5 Ways To Be Helpfully Present For A Friend Who Lost A Loved One


There are few situations more emotionally complicated than finding out someone has died. If you’ve never lost someone close to you, odds are you know someone who has.

If we’re honest with ourselves, we recognize the aftermath of grief and loss is incredibly uncomfortable and really awkward. If you’re not the one at the center of the loss, you may not know how to connect with the people who are.

What if you’ve just met a person who is still inside the grieving process? The important thing to remember is that you’re not alone in this, and sometimes, just being there means the world to a person who's grieving. Here are five things you can do to be present with someone who lost a loved one:

1. Accept that you can’t relate, and it’s okay.

No matter who you are in relation to the person grieving, if you haven’t been there yourself, it is not your job to know EXACTLY what he or she is going through.

When my mother died, out of nowhere, I was surrounded by people who knew what I was going through. However, my best friend, who has not experienced any major deaths just yet, took a step back. For the first time in the decade she’s known me, she couldn’t relate and she didn’t know how to tell me that.

I didn’t care about that part; I couldn’t expect her to relate. While she took a step back from the guidance part, she was still very much there for me, and that’s the most important thing.

2. If it just happened, help be his or her guide back to the outside world.

The hardest thing the affected person deals with isn’t the death itself, it’s getting back to “normal” afterwards.

I used quotation marks there because normal means something completely different after a parent, sibling or close friend dies. Someone who has just experienced a great loss walks around with this gaping hole that nobody else can see or fill.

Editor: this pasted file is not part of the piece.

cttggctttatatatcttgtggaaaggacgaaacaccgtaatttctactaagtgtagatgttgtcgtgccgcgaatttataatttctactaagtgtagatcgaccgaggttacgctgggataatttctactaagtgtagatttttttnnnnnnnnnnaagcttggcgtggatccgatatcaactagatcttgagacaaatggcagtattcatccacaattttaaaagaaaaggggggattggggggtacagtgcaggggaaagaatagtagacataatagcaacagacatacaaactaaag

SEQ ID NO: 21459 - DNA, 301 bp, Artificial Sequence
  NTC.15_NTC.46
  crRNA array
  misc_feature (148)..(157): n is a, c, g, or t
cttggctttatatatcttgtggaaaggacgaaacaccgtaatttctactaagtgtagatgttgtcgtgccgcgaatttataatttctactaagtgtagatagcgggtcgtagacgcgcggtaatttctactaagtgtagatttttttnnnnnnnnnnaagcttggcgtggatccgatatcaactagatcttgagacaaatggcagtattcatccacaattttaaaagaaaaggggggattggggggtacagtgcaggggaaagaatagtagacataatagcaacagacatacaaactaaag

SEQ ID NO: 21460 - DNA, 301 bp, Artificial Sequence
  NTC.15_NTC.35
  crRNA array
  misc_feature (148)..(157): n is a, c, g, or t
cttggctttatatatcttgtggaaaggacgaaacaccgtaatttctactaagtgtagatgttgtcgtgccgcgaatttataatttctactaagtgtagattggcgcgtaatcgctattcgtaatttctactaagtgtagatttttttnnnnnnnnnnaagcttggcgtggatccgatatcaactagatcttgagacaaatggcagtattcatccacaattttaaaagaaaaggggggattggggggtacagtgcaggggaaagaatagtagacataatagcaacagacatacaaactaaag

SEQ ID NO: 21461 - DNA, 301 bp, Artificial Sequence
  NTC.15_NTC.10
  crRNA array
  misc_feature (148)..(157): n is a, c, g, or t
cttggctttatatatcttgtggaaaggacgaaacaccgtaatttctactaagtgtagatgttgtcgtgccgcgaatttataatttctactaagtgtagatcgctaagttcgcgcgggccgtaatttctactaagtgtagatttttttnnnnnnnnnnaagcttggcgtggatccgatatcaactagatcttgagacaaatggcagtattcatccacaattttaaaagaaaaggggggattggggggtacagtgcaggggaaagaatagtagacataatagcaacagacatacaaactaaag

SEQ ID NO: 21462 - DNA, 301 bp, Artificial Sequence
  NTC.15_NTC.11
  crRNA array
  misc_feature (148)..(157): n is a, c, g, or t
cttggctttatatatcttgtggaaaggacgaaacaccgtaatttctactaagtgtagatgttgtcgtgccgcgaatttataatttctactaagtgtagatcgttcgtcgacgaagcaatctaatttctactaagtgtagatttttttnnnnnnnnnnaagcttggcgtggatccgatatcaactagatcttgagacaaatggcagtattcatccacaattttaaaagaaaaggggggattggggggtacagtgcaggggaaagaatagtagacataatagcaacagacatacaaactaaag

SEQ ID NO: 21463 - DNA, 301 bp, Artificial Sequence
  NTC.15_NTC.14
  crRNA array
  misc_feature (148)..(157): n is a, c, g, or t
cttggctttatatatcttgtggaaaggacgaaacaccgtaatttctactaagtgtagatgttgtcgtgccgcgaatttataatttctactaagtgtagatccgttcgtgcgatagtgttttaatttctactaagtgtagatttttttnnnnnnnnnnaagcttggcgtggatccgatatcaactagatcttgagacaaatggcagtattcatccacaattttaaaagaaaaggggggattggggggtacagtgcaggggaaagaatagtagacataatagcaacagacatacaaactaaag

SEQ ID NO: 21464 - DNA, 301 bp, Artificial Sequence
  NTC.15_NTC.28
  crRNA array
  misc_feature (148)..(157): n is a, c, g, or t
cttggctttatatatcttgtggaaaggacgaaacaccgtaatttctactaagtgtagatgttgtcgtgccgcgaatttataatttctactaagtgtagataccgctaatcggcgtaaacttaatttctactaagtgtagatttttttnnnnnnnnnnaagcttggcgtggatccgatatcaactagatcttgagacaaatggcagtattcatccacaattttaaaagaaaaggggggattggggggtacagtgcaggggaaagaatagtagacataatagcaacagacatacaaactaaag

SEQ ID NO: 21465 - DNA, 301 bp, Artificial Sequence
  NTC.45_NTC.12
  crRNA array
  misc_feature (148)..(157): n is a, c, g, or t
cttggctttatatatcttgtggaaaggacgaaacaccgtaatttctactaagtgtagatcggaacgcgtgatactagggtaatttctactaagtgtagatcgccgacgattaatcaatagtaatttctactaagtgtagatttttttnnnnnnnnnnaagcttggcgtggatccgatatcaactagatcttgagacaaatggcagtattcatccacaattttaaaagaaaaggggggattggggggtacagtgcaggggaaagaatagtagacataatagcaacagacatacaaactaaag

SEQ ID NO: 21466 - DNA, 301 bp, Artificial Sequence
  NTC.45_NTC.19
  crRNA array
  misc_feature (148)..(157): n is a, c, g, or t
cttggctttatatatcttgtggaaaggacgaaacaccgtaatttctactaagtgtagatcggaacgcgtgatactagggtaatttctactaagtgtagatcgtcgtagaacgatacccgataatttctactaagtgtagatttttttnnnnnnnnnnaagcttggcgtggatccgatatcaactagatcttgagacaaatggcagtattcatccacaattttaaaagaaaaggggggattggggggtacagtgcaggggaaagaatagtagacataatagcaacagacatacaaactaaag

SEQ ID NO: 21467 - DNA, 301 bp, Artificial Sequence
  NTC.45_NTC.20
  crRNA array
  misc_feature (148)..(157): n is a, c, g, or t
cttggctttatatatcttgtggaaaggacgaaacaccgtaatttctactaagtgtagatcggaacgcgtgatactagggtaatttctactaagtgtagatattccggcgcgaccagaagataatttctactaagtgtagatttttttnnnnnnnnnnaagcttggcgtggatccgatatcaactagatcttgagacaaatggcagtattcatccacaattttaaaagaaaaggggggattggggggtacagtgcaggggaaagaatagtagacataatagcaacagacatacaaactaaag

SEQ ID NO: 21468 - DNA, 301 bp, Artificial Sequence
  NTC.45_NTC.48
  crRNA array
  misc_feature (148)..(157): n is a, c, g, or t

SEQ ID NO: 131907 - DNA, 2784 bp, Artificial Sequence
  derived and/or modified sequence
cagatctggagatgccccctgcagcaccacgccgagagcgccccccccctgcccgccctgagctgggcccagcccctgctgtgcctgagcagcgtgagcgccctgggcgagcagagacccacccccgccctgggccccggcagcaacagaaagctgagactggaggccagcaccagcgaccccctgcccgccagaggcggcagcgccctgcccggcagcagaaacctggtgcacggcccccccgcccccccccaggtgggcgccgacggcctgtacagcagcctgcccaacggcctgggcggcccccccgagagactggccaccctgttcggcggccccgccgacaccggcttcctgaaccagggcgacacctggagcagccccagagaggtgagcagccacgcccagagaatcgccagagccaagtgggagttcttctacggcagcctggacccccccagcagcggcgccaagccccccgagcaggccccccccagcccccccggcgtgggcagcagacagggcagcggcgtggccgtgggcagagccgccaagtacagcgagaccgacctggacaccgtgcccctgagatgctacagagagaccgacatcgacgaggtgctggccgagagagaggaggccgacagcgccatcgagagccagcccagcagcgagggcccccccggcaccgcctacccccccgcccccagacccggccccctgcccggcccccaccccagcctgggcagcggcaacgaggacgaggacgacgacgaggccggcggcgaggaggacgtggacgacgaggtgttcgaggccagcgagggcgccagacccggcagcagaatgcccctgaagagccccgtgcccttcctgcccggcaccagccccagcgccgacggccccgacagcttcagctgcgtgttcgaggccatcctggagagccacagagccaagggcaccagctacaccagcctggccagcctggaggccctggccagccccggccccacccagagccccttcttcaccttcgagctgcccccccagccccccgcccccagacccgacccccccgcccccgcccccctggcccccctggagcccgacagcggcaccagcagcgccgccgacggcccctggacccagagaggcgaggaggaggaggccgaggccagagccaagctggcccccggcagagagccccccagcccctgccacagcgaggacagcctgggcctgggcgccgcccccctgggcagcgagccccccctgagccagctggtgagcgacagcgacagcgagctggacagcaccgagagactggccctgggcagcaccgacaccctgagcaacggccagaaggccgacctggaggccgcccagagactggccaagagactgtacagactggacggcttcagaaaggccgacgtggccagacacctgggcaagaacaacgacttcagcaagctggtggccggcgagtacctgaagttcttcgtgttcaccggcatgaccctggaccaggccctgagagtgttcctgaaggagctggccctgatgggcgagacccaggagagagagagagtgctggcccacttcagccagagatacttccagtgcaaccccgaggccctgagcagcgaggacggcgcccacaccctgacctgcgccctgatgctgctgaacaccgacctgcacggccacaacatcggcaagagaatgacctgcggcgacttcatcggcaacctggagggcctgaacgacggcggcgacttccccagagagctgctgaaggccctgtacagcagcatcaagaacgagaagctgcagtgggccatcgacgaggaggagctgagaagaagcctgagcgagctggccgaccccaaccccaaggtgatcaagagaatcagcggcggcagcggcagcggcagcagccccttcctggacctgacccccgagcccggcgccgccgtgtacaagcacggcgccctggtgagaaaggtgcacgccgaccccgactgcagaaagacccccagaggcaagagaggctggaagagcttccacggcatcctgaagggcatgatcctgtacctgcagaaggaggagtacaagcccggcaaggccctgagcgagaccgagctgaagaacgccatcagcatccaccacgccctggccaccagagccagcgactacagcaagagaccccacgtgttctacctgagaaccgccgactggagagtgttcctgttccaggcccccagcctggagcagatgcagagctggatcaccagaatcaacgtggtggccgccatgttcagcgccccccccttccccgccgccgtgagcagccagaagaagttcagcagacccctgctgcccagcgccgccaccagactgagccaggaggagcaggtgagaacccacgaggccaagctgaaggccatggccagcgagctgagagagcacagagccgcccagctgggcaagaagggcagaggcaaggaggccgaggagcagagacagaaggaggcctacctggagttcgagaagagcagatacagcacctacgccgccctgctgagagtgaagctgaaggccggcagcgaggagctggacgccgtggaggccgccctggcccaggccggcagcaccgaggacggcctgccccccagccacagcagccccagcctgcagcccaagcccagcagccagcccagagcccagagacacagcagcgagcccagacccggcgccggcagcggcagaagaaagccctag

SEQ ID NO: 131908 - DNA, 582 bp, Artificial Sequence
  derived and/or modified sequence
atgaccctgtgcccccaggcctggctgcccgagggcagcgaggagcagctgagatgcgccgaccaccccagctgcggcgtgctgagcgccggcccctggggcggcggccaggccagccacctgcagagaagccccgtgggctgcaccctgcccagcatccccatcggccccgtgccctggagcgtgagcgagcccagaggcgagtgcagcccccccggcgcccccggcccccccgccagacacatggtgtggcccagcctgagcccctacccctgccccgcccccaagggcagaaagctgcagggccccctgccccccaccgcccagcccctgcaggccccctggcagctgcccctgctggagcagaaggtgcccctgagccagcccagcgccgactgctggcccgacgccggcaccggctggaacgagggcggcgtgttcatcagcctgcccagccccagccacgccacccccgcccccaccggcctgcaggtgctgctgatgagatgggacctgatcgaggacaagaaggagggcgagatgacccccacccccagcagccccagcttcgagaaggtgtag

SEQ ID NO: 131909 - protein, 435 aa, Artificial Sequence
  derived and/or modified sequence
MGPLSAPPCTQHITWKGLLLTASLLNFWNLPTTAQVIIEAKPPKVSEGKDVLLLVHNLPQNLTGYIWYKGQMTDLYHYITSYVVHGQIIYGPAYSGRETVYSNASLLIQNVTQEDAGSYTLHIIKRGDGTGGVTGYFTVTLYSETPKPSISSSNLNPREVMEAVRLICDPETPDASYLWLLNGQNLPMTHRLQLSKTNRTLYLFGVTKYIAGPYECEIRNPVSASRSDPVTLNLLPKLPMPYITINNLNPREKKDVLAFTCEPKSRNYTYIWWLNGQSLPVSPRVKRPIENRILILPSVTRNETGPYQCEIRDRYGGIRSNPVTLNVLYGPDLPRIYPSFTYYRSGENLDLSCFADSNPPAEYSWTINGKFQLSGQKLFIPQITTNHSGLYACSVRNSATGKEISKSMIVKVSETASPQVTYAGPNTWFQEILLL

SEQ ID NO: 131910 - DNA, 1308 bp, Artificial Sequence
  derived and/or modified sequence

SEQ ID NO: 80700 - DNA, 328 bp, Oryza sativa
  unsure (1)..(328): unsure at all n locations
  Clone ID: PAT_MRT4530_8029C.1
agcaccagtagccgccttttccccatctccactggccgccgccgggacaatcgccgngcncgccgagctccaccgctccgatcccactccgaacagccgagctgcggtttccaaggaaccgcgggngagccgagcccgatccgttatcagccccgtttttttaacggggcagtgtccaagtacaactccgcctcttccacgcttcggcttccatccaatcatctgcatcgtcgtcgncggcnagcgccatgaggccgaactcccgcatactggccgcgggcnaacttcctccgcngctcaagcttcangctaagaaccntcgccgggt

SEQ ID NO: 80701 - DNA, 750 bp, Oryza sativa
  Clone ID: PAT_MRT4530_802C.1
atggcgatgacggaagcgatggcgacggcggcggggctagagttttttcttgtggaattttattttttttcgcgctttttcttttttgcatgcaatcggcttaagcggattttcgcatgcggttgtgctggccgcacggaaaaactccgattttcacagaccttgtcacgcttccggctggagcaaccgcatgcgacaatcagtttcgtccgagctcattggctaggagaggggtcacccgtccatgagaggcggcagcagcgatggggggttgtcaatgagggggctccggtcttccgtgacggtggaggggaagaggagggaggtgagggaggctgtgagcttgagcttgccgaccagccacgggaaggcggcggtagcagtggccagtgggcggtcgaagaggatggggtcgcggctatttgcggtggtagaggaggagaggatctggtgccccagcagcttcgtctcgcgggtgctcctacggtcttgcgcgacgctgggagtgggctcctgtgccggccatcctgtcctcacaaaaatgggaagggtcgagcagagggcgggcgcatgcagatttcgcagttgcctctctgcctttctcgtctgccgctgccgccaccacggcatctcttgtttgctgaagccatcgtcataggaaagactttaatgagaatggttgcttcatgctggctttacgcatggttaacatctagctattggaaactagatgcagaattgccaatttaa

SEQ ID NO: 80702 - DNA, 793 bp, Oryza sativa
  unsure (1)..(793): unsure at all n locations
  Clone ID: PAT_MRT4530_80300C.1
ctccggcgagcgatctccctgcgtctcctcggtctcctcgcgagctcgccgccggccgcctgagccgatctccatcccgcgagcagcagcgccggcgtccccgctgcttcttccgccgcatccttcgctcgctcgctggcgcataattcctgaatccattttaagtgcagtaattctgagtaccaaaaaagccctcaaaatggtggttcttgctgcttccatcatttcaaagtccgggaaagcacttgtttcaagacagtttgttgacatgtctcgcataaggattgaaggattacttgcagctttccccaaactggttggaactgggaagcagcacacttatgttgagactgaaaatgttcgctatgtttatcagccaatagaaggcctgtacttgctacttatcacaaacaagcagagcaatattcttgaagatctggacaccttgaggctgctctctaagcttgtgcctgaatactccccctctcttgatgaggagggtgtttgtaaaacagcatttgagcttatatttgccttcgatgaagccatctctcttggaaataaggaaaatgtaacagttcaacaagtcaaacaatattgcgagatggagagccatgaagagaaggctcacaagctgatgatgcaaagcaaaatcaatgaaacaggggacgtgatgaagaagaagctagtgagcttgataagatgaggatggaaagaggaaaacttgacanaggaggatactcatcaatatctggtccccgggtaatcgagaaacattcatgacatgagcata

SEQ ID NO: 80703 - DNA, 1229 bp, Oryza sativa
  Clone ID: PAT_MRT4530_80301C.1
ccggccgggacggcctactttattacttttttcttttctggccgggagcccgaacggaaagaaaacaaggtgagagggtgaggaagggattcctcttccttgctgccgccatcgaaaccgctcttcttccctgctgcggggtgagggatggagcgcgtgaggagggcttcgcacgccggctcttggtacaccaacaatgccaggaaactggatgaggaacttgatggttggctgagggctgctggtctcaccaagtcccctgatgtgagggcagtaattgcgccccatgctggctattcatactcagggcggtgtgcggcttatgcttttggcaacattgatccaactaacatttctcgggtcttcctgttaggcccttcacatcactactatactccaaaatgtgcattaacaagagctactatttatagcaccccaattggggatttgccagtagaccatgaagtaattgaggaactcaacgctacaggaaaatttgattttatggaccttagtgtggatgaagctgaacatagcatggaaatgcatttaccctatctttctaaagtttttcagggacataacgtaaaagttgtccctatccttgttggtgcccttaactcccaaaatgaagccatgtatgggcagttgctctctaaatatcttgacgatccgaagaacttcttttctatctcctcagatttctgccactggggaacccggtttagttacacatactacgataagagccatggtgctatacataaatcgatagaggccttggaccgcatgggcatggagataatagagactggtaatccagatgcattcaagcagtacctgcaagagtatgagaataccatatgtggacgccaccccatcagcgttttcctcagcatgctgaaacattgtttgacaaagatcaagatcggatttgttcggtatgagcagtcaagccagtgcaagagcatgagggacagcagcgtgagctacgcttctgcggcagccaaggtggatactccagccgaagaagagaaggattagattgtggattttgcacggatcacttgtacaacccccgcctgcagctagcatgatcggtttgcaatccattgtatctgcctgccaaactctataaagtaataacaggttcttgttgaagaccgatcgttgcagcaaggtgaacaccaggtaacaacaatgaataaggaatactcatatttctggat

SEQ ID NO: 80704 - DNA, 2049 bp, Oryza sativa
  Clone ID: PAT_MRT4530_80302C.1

Because of this, things like doing your laundry or going to the supermarket can easily induce a panic attack. Seeing other people happy makes you irrationally angry. It’s hard to watch the world move on like nothing happened when your life slowed down almost to a stop.

I’ve seen several people I care about stay in this phase of grief for years. But you don’t have to watch that happen. Start small; congratulate your loved one on little things like taking showers and making breakfast. This seems ridiculous, I know, but I can promise you it makes all the difference to have that support.

One thing I do with my friends who are grieving is help them make a list of chores they need to do and fun things they would like to do. I assign them several of those things to do each week, and I follow up with them to make sure they're holding true to their commitments.

If not, I offer to help them accomplish those things. After a while, getting stuff done becomes normal again, and soon enough, they don’t need the list.

3. Don’t make his or her grief about you.

This sounds harsh, but constantly apologizing and feeling bad for his or her misfortune will only make your loved one feel worse. When my mom died, people would say, “How do you deal?! I could never live without my mom!”

What am I supposed to say to that? Now I’m suddenly put in the position where I’m telling you I’m okay, and half-consoling you for something you’re not dealing with yet.

It’s been nearly three years since my mom died. To you, the reader and anyone I meet moving forward, it’s news, but it’s not for me. I have a really hard time relating to people who say they're sorry now for my mom dying three years ago.

At this point, when I talk about it, it’s less like a poem and more of a hard news story. If you meet someone and he or she talks about a dead sibling, parent or friend in conversation, the best thing you can do is to just let him or her talk. It’s not insensitive; it’s making the person feel like his or her "weird normal" is your "normal," too.

4. Just listen.

Sometimes, a grieving friend is not going to want to talk. Sometimes, he or she will want to talk a lot. Sometimes, when this person talks, he or she will let you know beforehand when the uncomfortable feelings are happening.

Other times, you could be at dinner talking about sports, and suddenly, there will be tears out of nowhere and your friend will just start talking about it. Regardless of how it happens, when someone talks, just listen. He or she doesn't need you to say anything back -- just listen.

5. Be there.

Even if you feel like you have nothing to bring to the table in terms of guidance, your very presence means everything. That alone is enough.

Photo Courtesy: We Heart It